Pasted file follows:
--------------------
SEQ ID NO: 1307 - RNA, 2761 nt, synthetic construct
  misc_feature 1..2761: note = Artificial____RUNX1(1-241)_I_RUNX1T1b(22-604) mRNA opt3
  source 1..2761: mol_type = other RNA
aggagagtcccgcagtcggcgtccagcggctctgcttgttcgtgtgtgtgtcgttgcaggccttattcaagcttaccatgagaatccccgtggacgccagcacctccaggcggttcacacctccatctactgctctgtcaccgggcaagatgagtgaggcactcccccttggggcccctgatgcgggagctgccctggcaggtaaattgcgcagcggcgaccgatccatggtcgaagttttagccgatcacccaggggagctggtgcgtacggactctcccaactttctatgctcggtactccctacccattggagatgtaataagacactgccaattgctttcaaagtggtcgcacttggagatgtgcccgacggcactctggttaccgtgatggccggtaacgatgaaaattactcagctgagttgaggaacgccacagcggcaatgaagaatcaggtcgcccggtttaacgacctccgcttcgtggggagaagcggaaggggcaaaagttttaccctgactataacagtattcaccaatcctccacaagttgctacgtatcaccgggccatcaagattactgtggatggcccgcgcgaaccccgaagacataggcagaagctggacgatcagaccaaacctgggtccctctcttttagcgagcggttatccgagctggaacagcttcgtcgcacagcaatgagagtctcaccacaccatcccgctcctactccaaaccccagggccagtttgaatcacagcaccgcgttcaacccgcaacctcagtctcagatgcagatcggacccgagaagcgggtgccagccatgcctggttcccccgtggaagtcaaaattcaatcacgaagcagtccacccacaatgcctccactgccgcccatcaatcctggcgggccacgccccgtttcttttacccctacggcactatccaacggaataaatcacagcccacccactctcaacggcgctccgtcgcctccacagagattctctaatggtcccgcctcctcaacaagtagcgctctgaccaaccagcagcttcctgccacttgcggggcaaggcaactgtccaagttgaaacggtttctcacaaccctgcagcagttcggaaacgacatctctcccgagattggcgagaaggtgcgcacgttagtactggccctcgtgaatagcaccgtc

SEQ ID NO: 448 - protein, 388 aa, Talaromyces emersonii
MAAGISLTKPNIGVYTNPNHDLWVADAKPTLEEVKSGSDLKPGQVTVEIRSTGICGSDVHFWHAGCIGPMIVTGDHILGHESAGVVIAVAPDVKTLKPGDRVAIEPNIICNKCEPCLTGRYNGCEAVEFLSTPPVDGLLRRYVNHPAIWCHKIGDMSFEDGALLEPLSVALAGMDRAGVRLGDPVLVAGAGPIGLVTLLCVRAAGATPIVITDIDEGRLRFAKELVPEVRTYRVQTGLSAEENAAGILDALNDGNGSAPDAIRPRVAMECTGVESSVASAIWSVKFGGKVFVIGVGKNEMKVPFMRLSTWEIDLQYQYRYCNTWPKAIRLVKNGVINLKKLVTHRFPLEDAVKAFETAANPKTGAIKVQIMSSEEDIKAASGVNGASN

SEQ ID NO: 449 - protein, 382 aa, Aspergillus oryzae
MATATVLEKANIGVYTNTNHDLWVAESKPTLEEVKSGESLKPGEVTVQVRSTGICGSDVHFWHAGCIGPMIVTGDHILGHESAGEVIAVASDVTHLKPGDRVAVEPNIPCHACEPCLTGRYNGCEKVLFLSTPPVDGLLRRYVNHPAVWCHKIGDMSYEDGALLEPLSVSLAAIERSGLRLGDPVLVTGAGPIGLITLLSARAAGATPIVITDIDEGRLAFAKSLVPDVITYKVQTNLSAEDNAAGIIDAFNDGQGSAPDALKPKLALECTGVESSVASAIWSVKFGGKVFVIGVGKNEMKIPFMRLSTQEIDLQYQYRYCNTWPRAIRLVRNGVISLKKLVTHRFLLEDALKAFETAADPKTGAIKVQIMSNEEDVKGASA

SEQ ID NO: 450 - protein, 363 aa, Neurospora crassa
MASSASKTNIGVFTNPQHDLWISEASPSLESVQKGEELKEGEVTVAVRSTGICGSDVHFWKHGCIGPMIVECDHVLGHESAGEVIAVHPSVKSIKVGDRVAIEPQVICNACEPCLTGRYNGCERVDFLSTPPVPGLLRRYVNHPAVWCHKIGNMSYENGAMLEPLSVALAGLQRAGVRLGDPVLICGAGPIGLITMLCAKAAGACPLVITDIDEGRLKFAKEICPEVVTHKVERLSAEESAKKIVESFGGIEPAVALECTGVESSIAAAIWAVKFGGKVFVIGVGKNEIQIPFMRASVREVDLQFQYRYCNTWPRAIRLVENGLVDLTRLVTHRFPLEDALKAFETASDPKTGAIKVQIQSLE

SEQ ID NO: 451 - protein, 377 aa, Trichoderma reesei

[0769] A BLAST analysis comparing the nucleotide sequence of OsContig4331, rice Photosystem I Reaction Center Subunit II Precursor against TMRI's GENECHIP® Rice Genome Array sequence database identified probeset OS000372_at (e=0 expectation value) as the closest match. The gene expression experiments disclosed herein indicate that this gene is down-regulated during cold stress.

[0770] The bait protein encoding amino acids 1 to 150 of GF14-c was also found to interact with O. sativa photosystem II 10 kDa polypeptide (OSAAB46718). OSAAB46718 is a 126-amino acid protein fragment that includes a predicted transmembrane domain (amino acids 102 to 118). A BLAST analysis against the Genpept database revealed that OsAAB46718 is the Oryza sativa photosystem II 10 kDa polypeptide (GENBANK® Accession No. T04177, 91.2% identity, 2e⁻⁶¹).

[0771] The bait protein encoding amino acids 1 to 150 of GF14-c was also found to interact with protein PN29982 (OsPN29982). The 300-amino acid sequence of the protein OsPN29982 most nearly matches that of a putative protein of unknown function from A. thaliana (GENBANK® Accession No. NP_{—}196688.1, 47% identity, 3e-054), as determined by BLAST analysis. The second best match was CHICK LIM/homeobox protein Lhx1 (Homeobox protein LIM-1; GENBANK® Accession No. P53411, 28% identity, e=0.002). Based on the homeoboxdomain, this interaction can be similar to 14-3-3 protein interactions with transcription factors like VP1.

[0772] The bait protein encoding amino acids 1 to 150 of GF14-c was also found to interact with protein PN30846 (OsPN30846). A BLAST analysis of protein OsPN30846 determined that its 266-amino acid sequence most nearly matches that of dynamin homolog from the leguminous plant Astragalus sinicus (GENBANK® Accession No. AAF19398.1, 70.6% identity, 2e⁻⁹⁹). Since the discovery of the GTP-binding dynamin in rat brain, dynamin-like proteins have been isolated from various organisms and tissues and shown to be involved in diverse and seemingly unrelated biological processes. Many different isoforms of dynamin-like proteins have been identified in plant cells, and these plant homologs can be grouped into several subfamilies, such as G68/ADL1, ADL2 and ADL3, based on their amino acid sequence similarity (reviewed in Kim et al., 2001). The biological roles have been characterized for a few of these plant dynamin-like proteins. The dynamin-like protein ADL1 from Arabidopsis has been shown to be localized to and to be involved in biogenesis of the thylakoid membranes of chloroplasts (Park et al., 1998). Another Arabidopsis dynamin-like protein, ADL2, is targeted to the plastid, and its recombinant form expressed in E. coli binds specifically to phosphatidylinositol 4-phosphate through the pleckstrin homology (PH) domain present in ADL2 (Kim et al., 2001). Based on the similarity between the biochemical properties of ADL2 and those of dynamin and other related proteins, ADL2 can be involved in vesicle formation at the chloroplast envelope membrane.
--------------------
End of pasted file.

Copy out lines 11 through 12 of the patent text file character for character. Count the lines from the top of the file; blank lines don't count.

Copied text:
SEQ ID NO: 451 - protein, 377 aa, Trichoderma reesei

[0769] A BLAST analysis comparing the nucleotide sequence of OsContig4331, rice Photosystem I Reaction Center Subunit II Precursor against TMRI's GENECHIP® Rice Genome Array sequence database identified probeset OS000372_at (e=0 expectation value) as the closest match. The gene expression experiments disclosed herein indicate that this gene is down-regulated during cold stress.